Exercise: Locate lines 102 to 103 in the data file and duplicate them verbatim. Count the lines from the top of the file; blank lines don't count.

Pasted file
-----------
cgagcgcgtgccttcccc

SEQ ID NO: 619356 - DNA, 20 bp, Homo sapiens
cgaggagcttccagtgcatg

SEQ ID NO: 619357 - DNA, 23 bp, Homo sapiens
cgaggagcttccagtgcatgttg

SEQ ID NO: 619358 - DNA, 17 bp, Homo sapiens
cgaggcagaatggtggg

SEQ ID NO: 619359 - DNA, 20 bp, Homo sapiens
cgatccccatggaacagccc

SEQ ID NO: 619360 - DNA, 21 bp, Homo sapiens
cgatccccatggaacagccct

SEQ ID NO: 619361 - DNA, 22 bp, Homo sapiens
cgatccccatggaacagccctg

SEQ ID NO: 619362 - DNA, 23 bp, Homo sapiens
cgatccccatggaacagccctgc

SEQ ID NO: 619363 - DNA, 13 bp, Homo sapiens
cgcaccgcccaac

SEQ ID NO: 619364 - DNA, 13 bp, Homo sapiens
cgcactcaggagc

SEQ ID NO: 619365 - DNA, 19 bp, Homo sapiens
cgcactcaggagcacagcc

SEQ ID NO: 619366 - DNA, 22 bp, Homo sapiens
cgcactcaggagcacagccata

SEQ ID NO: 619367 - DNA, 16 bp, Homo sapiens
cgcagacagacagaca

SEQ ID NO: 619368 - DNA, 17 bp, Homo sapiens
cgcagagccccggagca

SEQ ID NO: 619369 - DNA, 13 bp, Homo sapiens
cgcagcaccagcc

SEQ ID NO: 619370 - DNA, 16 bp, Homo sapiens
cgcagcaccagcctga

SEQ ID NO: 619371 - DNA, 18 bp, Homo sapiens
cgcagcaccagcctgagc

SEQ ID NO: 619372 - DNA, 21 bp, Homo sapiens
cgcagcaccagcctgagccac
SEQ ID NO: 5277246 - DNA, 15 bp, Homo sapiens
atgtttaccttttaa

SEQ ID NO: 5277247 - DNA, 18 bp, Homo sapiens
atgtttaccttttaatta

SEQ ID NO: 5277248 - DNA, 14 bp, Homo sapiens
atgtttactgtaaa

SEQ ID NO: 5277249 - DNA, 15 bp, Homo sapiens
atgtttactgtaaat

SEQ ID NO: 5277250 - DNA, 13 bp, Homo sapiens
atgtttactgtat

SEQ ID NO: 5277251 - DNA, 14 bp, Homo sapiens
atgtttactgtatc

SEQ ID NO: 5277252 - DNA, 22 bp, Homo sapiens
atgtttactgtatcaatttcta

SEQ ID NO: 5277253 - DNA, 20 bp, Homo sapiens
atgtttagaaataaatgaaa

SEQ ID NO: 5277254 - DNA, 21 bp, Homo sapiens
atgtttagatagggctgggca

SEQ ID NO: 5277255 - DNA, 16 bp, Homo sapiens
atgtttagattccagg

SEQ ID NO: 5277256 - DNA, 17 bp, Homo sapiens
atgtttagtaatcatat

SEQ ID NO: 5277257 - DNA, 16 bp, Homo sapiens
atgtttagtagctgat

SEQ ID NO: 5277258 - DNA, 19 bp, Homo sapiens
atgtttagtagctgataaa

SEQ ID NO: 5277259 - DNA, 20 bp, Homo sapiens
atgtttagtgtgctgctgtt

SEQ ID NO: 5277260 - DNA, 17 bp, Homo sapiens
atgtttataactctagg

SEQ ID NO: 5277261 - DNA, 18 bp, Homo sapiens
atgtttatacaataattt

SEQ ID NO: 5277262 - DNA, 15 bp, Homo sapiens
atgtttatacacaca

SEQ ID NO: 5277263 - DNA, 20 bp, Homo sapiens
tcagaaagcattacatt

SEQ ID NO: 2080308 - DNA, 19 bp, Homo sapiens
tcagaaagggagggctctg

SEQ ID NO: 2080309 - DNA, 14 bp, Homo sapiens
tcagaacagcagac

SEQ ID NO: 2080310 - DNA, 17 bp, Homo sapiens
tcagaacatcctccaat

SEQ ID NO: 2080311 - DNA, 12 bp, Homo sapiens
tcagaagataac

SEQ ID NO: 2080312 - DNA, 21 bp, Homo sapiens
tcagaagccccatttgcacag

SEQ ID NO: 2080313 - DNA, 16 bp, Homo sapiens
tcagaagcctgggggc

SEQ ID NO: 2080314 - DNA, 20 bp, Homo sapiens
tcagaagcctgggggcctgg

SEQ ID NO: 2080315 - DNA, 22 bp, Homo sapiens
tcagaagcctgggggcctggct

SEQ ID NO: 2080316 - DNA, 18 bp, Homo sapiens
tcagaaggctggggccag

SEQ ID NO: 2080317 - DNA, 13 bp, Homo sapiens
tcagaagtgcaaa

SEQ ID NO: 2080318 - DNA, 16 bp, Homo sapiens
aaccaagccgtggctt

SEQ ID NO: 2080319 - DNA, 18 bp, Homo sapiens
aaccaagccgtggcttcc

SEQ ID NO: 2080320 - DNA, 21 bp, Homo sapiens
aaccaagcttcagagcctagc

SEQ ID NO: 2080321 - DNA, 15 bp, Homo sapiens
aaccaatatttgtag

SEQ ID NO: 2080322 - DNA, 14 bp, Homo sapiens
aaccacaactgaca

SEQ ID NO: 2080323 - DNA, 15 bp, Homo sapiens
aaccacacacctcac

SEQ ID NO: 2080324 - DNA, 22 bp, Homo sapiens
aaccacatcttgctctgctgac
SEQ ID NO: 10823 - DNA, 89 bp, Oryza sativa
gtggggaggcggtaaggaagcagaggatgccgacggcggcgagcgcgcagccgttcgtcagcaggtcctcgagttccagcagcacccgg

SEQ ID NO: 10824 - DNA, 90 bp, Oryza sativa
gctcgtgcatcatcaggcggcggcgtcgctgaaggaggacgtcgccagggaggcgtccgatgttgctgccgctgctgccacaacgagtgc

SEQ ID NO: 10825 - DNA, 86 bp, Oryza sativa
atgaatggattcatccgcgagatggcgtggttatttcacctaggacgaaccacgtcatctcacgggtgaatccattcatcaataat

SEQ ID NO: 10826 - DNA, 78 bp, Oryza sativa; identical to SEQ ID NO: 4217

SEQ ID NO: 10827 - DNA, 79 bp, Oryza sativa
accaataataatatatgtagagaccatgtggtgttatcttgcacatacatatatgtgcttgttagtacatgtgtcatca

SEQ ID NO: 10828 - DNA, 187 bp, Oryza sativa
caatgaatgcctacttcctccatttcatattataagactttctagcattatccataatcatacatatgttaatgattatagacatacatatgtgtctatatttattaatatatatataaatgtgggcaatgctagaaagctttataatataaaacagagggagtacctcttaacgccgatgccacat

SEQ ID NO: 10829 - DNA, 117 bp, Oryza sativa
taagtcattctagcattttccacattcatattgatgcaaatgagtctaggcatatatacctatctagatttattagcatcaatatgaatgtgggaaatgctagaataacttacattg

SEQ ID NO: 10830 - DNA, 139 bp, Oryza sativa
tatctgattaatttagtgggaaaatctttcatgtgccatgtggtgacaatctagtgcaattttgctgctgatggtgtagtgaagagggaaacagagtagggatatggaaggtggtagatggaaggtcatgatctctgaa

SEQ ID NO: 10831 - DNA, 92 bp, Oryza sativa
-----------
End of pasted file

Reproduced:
SEQ ID NO: 2080323 - DNA, 15 bp, Homo sapiens
aaccacacacctcac